Take the 2-minute tour ×
MathOverflow is a question and answer site for professional mathematicians. It's 100% free, no registration required.

I'm looking for natural conditions on $a_{ij}$ to guarantee that the null space of the $n\times m$ matrix $A=(a_{ij})$ has a nice basis.

The null space of { {1,-2,1,0,0}, {0,1,-2,1,0}, {0,0,1,-2,1} } is the set vectors $\langle x_1,x_2,x_3,x_4,x_5\rangle^T$ with $x_1,\dots,x_5$ in arithmetic progression or constant, i.e., there is a degree zero or one polynomial $p(t)$ with $x_i = p(i)$. The null space of { {3,3,-23,21,-4}, {6,3,-38,36,-7} } consists of points for which there is an at-most-quadratic $p(t)$ with $x_1=p(1),x_2=p(2),x_3=p(3),x_4=p(4),x_5=p(6)$, with that last 6 not being a typo.

In particular, I need a basis for the null space of the form $\{\langle 1,1,\dots,1\rangle^T,\langle x_1,\dots,x_m\rangle^T, \dots, \langle x_1^{m-n-1},\dots,x_m^{m-n-1}\rangle^T\}$, with the $x_i$ distinct (not necessarily integers).

As another specific example, consider the matrix { {3,-3,1,0,-1}, {20,-16,5,-9,0} }. I happen to know that the null space of this matrix has basis $\langle 1,1,1,1,1\rangle^T, \langle 1,4,7,-1,-2 \rangle^T, \langle 1^2,4^2,7^2 ,(-1)^2,(-2)^2\rangle^T$, but only because I made the matrix that way. Even with a specific matrix such as this, I don't know how to compute such a basis, or to guarantee that one exists or doesn't exist.

Here are the obvious necessary conditions: the rows must be independent; each row must add up to 0; no row can have exactly two nonzero components.

As a specific problem (I've no interest in this as a particular problem, mind you, but it may help the discussion) consider the matrix { {35,-3,-42,10,0}, {15,3,-8,0,-10} }. Does it have such a basis?

For background, I'm looking at constructions of sets $X$ of integers that contain no solutions to a system of linear equations. Such a basis as above means that a solution has x_i in the image of a polynomial, and I already know how to construct sets that don't have those (arithmetic progressions are a special case).

share|improve this question
I think the first row of your matrix is $\langle -3,3,-1,0,1\rangle$ . When I tried this approach, I unfortunately could not get any new Behrend-type constructions. The sparser constructions are harder to compare to known results, as there are no good known general constructions. Maybe you will succeed. –  Boris Bukh Nov 27 '09 at 16:28
add comment

3 Answers

up vote 1 down vote accepted

After quite a bit of tinkering, I decided that the example and a more fully realized generalization merited separate answers, not least because my initial answer entered community wiki due to the number of edits I made.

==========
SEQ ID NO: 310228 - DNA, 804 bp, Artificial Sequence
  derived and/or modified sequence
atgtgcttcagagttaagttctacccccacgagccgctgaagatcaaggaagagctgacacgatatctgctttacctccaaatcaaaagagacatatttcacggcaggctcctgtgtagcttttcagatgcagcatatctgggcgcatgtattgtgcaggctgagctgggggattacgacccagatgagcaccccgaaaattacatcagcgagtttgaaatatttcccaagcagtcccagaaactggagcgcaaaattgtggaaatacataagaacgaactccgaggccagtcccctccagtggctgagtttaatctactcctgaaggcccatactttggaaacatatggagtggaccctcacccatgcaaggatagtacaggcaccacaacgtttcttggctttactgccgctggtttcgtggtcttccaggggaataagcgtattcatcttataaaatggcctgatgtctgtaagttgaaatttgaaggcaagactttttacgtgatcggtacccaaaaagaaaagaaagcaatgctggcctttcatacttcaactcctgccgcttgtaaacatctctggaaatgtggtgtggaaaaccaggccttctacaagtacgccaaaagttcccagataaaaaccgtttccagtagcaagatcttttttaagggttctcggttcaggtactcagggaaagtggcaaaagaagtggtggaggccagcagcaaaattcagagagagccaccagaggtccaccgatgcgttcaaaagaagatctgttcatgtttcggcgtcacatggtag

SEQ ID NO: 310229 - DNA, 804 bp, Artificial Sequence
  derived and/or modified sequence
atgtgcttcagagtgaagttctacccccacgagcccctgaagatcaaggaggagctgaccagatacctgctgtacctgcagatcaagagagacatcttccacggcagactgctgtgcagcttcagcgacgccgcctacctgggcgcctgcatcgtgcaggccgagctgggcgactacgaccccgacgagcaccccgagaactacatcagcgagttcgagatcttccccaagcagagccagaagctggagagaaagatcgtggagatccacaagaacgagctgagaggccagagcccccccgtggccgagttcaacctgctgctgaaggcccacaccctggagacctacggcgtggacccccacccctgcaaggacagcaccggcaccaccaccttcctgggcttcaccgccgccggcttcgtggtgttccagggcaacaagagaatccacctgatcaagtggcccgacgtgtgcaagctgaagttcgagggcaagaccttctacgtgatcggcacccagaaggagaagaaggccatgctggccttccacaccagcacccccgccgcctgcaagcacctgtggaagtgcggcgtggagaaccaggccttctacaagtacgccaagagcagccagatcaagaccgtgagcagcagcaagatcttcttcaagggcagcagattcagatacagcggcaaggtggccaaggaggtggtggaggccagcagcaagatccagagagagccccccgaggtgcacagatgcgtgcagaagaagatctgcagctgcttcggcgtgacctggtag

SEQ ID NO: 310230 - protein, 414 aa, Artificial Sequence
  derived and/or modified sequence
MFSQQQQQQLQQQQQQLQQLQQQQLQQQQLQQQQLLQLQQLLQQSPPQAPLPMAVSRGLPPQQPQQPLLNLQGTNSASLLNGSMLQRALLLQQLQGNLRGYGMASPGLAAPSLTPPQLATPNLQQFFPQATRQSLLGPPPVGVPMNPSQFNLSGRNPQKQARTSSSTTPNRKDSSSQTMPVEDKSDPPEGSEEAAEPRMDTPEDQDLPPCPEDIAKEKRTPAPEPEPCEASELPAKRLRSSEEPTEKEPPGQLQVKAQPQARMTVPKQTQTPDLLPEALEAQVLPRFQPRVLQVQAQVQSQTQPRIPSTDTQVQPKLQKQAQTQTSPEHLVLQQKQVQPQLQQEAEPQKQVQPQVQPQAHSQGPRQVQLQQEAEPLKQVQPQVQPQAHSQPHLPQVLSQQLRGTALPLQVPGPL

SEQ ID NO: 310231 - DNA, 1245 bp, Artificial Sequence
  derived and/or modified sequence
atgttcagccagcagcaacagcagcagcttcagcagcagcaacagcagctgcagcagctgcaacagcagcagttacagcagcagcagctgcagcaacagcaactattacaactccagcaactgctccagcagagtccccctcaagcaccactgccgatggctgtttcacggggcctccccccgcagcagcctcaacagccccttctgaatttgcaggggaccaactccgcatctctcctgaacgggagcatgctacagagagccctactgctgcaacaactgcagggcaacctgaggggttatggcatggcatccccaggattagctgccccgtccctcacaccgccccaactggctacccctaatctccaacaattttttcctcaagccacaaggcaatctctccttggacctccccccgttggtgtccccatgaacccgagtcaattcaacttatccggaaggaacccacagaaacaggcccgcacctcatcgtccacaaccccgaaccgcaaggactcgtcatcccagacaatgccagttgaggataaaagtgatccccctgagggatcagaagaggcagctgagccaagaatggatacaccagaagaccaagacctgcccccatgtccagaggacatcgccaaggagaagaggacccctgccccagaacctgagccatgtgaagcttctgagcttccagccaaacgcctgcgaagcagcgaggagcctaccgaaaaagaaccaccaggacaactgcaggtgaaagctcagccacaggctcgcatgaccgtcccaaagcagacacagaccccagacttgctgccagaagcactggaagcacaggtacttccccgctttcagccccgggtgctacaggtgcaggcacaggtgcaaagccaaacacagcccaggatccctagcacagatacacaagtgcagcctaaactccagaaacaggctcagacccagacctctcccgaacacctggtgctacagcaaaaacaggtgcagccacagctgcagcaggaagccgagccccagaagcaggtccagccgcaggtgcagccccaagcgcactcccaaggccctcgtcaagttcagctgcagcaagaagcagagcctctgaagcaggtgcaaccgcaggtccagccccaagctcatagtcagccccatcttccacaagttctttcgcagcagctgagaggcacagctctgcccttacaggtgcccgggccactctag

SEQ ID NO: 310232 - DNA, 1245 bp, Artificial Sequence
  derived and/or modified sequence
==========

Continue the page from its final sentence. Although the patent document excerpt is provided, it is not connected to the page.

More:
Let $N$ be a null space matrix for $A$, i.e., the columns of $N$ are annihilated by $A$. We want vectors $w,w',\dots,w^{(m-n-2)}$ s.t. $(Nw)^{\ell+1} = Nw^{(\ell)}$. Define $z^{(\ell)}$ by $z^{(\ell)}_{i(\alpha)} := w^\alpha$, where $i(\alpha)$ is the grlex index of

$\alpha \in$ $ X_{m-n,\ell+1} \equiv$ {$\beta \in \mathbb{Z}^{m-n}: \sum_k \beta_k = \ell + 1$}.

Now let $P^{(\ell)}$ be the $m \times |X_{m-n,\ell+1}|$ matrix with entries given by

$P^{(\ell)}_{j,i(\alpha)} :=$ coefficient of $w^\alpha$ in $(\sum_k N_{jk}w_k)^{\ell+1}$.

To obtain this coefficient explicitly, note that

$(\sum_k N_{jk}w_k)^{\ell+1} = > \sum_{\alpha \in X} > \binom{\ell+1}{\alpha}N_{j,\cdot}^\alpha > w^\alpha$

whence $P^{(\ell)}_{j,i(\alpha)}$ equals

$\binom{\ell+1}{\alpha} > N_{j,\cdot}^\alpha$.

For example, with $N_{j,\cdot} = > (2,3,5,7)$, $\ell = 2$, and $\alpha = > (0,1,1,1)$, so that $i(\alpha) = 6$, we have that $P^{(\ell)}_{j,i(\alpha)} > =$

$\binom{3}{1,1,1} > N_{j,\cdot}^{(0,1,1,1)} = 3! \cdot 3 > \cdot 5 \cdot 7 = 630$.

Extending this example,

$P^{(2)}_{j,\cdot} = > (343,343,735,525,125,441,630,225,189,135,27,294,420,150,252,180,54,84,60,36,8)$.

Then the existence (ignoring distinctness of entries) of $w^{(\ell)}$ s.t. $(Nw)^{\ell+1} = Nw^{(\ell)}$ is equivalent to the existence of a solution to

$(Nw)^{\ell+1} = P^{(\ell)}z^{(\ell)}$.

Note that for all $\ell$ this is really an equation in the components of $w$, viz.

$\left(\sum_k N_{jk} w_k \right)^{\ell+1} = \sum_{\alpha \in X} \binom{\ell+1}{\alpha} N_{j,\cdot}^\alpha w^\alpha$

and it should (at least) be amenable to solution in a computer algebra routine.

share|improve this answer
It looks like the key equation is a tautology. I'll work on clarifying this. –  Steve Huntsman Jan 14 '10 at 6:39
add comment

As a specific problem (I've no interest in this as a particular problem, mind you, but it may help the discussion) consider the matrix { {35,-3,-42,10,0}, {15,3,-8,0,-10} }. Does it have such a basis?

substantially edited, with changed conclusion after fixing per Kevin's comments


Consider the following null space matrix (denote it by $N$):